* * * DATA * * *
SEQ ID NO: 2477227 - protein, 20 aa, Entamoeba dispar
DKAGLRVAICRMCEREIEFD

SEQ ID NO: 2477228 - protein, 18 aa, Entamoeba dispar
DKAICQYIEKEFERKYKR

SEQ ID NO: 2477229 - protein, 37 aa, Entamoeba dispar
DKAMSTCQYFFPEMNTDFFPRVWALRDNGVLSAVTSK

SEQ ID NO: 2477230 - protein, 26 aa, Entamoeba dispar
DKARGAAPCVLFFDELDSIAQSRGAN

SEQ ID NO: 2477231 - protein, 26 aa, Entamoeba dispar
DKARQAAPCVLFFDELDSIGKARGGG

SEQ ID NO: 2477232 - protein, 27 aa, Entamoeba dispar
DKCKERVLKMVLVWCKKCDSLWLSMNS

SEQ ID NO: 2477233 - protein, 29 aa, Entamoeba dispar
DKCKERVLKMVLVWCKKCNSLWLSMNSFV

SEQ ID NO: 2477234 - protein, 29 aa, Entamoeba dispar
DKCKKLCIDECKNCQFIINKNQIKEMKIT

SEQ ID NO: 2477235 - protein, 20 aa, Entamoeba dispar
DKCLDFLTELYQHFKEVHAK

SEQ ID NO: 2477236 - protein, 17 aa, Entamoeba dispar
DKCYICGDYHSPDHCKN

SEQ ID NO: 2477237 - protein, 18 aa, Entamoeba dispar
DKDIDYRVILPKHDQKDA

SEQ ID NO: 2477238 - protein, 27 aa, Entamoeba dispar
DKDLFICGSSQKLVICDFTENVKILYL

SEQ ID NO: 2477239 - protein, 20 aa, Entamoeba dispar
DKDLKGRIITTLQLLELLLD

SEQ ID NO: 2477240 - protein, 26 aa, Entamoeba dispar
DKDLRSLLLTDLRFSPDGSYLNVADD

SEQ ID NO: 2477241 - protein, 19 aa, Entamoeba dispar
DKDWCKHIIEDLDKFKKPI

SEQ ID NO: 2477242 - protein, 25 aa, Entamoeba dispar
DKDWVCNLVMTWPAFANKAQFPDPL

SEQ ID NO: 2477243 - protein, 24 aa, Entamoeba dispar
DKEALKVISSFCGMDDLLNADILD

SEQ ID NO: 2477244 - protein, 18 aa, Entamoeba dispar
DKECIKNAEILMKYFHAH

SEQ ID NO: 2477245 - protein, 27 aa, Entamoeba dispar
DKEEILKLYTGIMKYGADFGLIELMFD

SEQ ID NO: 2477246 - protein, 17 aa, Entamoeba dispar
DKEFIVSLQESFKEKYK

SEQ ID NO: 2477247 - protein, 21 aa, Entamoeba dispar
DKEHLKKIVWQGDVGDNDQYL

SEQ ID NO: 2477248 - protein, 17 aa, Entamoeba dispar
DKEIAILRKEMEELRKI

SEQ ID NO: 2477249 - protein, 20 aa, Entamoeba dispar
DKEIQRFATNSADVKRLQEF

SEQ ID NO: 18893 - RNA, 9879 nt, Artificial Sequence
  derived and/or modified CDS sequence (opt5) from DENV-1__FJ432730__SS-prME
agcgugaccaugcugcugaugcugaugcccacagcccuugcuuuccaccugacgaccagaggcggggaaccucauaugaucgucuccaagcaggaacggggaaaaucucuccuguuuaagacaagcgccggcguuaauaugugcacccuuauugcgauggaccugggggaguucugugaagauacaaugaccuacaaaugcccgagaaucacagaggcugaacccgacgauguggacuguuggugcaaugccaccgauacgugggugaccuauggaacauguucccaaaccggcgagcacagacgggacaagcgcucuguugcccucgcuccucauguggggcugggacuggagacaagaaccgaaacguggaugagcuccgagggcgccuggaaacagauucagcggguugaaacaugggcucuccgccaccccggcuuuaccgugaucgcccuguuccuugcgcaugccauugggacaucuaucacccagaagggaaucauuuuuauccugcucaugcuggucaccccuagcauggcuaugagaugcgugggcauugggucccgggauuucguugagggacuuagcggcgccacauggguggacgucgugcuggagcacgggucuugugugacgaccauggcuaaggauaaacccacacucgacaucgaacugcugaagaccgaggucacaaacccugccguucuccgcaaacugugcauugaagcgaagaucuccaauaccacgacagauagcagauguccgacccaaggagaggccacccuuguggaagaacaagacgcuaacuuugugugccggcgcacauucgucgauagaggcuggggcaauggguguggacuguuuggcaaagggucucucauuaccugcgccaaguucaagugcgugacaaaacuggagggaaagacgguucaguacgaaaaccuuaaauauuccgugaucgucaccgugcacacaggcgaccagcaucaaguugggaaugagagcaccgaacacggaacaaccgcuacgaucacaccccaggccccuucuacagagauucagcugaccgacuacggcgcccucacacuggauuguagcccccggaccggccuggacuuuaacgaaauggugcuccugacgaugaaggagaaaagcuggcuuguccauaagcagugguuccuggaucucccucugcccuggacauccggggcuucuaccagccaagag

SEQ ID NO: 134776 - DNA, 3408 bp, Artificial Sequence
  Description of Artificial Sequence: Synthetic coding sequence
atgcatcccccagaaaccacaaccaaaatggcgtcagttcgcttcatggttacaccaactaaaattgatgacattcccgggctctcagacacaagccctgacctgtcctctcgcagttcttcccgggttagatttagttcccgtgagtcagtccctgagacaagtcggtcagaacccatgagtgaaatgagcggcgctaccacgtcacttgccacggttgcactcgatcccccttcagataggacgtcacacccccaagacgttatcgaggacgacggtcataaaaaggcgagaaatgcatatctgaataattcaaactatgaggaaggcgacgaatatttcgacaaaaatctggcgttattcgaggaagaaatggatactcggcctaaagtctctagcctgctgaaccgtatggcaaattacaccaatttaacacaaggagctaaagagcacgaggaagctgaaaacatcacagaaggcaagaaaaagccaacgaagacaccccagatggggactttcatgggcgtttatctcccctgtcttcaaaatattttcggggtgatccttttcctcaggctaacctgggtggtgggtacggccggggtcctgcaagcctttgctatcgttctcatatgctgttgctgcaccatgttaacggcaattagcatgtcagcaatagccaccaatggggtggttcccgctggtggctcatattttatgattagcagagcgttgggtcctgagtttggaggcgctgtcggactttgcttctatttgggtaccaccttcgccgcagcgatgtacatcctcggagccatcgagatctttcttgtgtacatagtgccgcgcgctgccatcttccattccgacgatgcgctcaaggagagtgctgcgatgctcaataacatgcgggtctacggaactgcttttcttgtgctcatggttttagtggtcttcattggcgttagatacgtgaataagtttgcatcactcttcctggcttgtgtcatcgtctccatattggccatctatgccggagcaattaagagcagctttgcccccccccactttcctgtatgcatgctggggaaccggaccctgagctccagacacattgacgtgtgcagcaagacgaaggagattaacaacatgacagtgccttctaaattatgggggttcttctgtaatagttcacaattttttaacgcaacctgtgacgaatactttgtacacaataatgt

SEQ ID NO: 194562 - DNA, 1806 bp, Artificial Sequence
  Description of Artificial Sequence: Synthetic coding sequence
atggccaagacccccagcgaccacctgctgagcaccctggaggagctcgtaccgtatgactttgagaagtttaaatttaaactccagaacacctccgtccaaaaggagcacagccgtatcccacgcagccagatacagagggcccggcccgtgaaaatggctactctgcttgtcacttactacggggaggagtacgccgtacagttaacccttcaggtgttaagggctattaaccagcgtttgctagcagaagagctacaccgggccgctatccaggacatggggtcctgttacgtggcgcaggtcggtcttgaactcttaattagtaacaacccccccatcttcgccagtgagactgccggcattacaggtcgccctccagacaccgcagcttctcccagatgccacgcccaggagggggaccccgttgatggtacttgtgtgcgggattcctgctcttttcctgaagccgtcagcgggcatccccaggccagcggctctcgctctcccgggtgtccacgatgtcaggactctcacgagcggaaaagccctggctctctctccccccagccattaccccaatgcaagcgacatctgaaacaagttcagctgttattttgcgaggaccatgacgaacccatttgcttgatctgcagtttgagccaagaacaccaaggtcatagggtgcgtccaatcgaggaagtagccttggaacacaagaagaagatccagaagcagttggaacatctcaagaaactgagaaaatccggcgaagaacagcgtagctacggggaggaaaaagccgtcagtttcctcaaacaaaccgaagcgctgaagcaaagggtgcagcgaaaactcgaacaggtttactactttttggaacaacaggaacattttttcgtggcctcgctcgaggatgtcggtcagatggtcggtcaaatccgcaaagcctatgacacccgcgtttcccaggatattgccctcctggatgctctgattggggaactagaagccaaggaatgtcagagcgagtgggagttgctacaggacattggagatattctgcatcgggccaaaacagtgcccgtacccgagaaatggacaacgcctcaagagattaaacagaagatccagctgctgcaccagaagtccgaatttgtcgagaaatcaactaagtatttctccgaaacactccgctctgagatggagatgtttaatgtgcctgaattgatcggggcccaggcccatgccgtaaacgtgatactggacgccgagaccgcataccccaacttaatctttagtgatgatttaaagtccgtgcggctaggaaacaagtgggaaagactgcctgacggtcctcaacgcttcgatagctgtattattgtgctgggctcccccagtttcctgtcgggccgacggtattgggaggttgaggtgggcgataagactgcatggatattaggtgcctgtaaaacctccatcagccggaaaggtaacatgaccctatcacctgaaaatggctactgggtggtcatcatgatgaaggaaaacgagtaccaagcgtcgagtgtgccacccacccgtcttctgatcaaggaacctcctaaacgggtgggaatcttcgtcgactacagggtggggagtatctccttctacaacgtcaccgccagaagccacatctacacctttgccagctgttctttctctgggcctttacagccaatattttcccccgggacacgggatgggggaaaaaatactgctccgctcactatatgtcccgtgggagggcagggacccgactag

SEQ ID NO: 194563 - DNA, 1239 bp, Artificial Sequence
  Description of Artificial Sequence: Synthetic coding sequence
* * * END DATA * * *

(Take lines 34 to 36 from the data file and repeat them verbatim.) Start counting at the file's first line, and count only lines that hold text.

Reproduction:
DKEALKVISSFCGMDDLLNADILD

SEQ ID NO: 2477244 - protein, 18 aa, Entamoeba dispar
DKECIKNAEILMKYFHAH